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Intel is readying to sell its own "market leading" smartphones and slates

Just two weeks after the departure of Paul Otellini, Intel’s new CEO is making some big changes to the company that will allow it to go toe-to-toe with mobile chip makers such as Qualcomm. The new CEO, Brian Krzanich, first appointed Mike Bell to head up the newly created New Devices division, and on Tuesday Intel acquired the division of ST-Ericsson that makes mobile GPS chips.

The acquisition might sound small, but when you bear in mind that Intel is one of the least acquisitive companies in Silicon Valley and factor in the creation of a New Devices unit, it’s clear that Intel is gearing up to take the smartphone and tablet markets by storm.

When I last spoke to Mike Bell, he was the co-chief of Intel’s mobile chip business, along with Hermann Eul. Back then, in the summer of 2012, his department had just shipped Medfield, which wasn’t all that exciting. What was exciting, however, was that Intel created a reference smartphone specifically for Medfield, so that carriers and OEMs could get to market with a Medfield-powered device very easily.

When I asked him if this was the beginning of a trend, he said: “For every chipset, we’re going to do what we call an ‘iconic’ design, to really showcase what [the new SoC] can do. These designs will be available to anyone who wants to build a device based on our chipsets.”

With the new Bay Trail and Merrifield SoCs arriving this winter, and Bell’s move to the New Devices unit, it’s almost guaranteed that Intel will release home-grown smartphones and tablets based on these new, fast, Silvermont-based chips.

Intel, for its part, is being quite mysterious about the New Devices division. “The group will be tasked with turning cool technology and business model innovations into products that shape and lead markets,” Intel’s PR department said in a statement. Intel also says that the new unit will focus on emerging technologies, including ultra-mobile products. Whether that means smartphones, or wearable computers like Google Glass, we can only guess.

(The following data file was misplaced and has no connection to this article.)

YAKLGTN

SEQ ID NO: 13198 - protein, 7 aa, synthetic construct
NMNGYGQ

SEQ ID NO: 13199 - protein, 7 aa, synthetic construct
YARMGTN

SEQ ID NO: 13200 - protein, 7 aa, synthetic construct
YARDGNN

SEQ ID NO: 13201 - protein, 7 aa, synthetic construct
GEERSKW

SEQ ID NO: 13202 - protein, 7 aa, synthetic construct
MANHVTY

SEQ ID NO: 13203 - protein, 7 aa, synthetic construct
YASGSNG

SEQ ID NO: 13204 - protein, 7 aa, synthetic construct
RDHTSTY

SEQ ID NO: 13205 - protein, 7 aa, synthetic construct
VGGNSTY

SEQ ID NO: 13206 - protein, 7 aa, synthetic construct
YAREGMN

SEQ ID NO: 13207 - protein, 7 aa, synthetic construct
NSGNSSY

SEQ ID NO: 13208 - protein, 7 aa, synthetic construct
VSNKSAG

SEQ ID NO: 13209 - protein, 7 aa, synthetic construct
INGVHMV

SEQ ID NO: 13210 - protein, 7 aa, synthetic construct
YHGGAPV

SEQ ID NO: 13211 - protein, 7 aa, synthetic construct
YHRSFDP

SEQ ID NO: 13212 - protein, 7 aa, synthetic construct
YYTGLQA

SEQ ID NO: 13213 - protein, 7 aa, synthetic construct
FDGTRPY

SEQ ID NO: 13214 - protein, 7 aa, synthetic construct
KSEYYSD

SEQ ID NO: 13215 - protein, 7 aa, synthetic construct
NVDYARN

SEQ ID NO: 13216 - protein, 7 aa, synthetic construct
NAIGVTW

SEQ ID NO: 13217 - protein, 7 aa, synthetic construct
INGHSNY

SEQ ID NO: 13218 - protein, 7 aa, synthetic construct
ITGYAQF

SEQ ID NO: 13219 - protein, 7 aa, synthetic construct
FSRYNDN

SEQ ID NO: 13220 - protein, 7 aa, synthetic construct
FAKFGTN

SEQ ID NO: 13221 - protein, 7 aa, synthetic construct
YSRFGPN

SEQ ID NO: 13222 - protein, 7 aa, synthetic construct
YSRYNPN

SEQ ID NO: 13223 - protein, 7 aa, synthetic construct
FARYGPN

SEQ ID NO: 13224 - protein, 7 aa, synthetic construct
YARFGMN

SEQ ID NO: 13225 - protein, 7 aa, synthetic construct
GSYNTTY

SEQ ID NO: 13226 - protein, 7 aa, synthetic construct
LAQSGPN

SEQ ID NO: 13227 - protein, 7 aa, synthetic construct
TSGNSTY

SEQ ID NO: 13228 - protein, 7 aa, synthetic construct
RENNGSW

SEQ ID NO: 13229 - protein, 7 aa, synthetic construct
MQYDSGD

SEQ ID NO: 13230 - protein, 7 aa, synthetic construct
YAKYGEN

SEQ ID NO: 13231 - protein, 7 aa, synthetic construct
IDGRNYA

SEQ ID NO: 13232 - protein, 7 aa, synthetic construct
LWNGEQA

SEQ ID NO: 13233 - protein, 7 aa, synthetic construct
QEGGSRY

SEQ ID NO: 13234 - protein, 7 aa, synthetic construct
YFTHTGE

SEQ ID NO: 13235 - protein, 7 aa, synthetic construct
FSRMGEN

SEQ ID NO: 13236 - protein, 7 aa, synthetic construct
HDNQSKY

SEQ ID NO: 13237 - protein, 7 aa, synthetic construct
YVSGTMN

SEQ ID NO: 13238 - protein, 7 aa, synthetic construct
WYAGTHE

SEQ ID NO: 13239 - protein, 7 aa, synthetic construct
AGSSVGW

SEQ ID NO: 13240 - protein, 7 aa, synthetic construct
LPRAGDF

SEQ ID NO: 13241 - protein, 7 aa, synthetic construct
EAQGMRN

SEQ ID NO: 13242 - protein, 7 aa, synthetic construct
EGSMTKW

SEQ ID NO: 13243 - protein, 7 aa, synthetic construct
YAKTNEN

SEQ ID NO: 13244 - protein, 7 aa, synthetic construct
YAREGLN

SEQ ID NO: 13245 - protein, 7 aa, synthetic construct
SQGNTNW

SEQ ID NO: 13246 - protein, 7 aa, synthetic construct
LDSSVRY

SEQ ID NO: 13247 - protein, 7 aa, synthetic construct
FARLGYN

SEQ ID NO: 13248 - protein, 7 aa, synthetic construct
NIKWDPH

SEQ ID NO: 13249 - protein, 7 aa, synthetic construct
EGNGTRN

Bell, incidentally, was at Palm between 2007 and 2010, bringing the Pre and Pixi to market; and before that, he spent 16 years at Apple, working on the iMac, Apple TV, and iPhone. It’s fairly safe to assume that the New Devices unit, helmed by Mike Bell, will be releasing some sexy mobile devices in the upcoming months.

And then there’s the acquisition of ST-Ericsson’s GPS mobile business. ST-Ericsson, a money losing venture between STMicroelectronics and Ericsson, is in the process of being shut down – and it seems Intel couldn’t resist picking up the GPS business for a cool $90 million (£59 million). With this acquisition, Intel gains the intellectual property, engineers, and technical expertise to produce GPS receiver chips that will most likely find their way into Intel’s new smartphone and tablet devices.

This might seem like a small acquisition, but it’s important to remember that Intel is one of the least acquisitive companies in Silicon Valley. Yes, Intel bought McAfee for a massive $7.7 billion (£5 billion) in 2010 and a handful of other software companies since then, but on the hardware front Intel has been very quiet since acquiring Infineon (a wireless modem maker). Looking through Intel’s entire acquisition history, the company hasn’t acquired more than a handful of hardware businesses – so, while $90 million (£59 million) is one of the company’s smallest acquisitions to date, it’s probably quite significant.

With Intel’s Haswell parts reaching TDPs as low as 7 Watts, the ARM-beating Bay Trail and Merrifield, and perhaps a bevy of new devices in time for Christmas, this could be a very exciting year for Intel and consumers alike.